Sternalis muscle

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Grant 1962 27b.png
Sternalis muscle, in line with Rectus Abdominis and Sternomastoid, was found in 6% of 535 cadavera (R. N. Barlow)
Origin manubrium of sternum or clavicle
Insertion xiphoid process, pectoral fascia, lower ribs, costal cartilages or rectus sheath
Latin Musculus sternalis
TA A04.4.01.001
FMA 9717
Anatomical terms of muscle

The sternalis muscle is an anatomical variation that lies in front of the sternal end of the pectoralis major parallel to the margin of the sternum. The sternalis muscle may be a variation of the pectoralis major or of the rectus abdominis. It is insufficiently mentioned in standard anatomy textbooks.


The sternalis is a muscle that runs along the anterior aspect of the body of the sternum. It lies superficially and parallel to the sternum. Its origin and insertion are variable. The sternalis muscle often originates from the upper part of the sternum and can display varying insertions such as the pectoral fascia, lower ribs, costal cartilages, rectus sheath, aponeurosis of the abdominal external oblique muscle.[1][2][3] There is still a great deal of disagreement about its innervation and its embryonic origin.[1]

In a review,[4] it was reported that the muscle was innervated by the external or internal thoracic nerves in 55% of the cases, by the intercostal nerves in 43% of the cases, while the remaining cases were supplied by both nerves.[4] However, innervation by the pectoral nerves has also been reported.[5] This appears to indicate that the sternalis is not always derived from the same embryonic origin.[6]


Cadaveric studies showed that the sternalis muscle has a mean prevalence of around 7.8% in the population[7] with the range from 0.5% to 23.5%.[8] It has a slightly higher incidence in females.[1] Though, It was proposed that a possible reason for the high prevalence may result from the existence of small, ill-defined or tendinous fibres, which could be misidentified for a sternalis muscle.[9]


A recent study[8] classified the sternalis into three types depending on morphology.

  • Type I (single head and single belly)
  • Type II (double-headed/multi-headed)
  • Type III (double-bellied/multi-bellied)

Type I, the single head and single belly was seen in the majority of reported cases (58.5%), type II in 18.1%, and type III in 23.4%.[8]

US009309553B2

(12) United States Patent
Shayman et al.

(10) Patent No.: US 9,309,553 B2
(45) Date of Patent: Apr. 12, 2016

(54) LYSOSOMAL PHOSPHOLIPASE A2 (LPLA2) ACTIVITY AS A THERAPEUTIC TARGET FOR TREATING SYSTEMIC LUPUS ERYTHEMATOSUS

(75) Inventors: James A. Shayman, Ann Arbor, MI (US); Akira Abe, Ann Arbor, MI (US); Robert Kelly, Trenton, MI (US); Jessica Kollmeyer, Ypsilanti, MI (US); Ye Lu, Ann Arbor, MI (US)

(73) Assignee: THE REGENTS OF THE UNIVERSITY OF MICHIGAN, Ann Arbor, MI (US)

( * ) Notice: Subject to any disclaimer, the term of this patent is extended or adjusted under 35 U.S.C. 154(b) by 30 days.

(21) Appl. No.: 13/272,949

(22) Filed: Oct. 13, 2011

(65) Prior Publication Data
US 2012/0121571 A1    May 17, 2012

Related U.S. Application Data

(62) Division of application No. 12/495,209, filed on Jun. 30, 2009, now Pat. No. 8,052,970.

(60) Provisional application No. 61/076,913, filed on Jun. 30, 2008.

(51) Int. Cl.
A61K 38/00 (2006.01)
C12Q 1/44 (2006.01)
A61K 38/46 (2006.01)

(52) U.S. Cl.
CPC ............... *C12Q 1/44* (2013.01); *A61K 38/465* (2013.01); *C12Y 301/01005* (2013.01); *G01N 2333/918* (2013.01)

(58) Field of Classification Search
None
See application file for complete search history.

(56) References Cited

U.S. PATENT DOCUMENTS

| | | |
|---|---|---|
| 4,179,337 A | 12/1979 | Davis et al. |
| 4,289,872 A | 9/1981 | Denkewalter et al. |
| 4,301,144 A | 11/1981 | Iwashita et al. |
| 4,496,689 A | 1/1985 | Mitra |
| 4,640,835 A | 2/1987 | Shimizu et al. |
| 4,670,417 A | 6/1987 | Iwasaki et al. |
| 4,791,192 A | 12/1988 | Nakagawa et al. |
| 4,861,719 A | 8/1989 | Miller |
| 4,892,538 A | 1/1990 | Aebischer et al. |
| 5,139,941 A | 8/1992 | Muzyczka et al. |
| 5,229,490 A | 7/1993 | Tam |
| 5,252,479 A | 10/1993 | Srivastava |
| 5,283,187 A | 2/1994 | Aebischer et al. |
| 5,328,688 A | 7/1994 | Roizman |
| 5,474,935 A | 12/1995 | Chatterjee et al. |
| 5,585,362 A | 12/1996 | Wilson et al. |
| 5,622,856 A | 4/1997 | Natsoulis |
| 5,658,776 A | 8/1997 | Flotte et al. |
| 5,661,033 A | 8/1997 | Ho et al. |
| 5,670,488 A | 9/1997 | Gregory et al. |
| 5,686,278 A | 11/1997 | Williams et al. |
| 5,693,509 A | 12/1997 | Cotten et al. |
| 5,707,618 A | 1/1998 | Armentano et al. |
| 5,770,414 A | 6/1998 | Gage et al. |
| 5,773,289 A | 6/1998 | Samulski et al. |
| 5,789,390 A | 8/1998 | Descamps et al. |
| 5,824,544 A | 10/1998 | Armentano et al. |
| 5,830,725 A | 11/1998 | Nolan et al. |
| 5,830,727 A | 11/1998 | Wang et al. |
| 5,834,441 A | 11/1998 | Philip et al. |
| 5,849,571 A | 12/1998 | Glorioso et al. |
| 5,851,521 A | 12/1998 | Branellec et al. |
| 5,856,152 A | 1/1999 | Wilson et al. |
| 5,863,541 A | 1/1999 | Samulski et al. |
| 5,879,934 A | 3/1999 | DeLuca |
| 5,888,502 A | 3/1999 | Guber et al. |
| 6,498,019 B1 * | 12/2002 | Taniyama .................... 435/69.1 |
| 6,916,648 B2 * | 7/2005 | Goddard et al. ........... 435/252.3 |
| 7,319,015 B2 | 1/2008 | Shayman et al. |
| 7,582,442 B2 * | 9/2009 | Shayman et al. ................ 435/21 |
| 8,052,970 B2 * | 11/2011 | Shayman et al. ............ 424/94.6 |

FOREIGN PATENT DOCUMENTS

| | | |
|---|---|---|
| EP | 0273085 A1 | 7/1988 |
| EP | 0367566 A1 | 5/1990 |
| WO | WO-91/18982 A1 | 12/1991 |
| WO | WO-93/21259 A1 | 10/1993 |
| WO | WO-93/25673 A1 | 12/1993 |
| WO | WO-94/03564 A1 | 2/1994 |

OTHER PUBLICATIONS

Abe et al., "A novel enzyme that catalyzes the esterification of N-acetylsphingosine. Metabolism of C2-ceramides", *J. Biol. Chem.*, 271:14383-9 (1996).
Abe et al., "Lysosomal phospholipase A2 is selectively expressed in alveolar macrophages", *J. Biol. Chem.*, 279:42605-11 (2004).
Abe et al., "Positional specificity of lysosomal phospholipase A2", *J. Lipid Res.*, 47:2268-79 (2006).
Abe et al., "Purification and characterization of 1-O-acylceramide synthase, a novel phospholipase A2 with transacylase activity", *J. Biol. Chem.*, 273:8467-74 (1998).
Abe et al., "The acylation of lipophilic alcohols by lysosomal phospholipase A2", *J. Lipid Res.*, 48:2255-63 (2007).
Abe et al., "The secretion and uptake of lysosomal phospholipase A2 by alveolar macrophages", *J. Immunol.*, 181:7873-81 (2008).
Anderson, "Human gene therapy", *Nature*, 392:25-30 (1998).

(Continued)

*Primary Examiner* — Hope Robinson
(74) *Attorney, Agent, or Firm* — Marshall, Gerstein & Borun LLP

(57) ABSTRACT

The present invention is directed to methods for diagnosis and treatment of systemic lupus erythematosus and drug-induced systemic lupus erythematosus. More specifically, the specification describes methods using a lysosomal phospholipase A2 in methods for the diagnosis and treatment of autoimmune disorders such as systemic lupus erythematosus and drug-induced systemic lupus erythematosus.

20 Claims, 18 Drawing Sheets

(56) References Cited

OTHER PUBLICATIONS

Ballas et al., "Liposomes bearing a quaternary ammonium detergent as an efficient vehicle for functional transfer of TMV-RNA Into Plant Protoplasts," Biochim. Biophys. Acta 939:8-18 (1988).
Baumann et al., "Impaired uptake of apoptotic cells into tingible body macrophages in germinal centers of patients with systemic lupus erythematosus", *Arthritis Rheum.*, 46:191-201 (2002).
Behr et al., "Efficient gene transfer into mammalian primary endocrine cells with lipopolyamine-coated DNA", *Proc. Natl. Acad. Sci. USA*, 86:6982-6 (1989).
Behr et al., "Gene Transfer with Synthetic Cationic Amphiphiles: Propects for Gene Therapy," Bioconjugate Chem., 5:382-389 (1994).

The function of the sternalis muscle has remained unknown.[1] There are many theories for the physiological function of the sternalis. It may function as a proprioceptive sensor for the thoracic wall movements.[10] It may also take part in the movement of shoulder joint or have an additional role in elevation of the chest wall.[11]

Clinical significance[edit]

The presence of the sternalis in sagittal plane on CT (left) and on volume rendered CT 3D reconstruction (right).

The presence of the sternalis is asymptomatic[1] but aesthetic complaints have been reported as it was reported to cause chest asymmetry or deviation of the nipple-areola complex.[1][12] The presence of the sternalis may cause alterations in the electrocardiogram[13] or confusion in mammography.[14] However, there is a potential benefit of the muscle as it can be used as a flap in a reconstructive surgery of the head and neck and the anterior chest wall.[12]


The sternalis was first reported by Carbolius in 1604 and the name was first given by Turner in 1867.[15] Different terminologies have been given to the sternalis due to its highly varied morphology and the disagreement on its embryonic origin. The sternalis was referred to as the rectus sternalis, sternalis brutorum, musculus sternalis, episternalis, parasternalis, presternalis, rectus sterni, rectus thoracis, rectus thoracicus superficialis, superficial rectus abdominis, sternalis brutorum, japonicas, and thoracicus depending on studies.[7][15]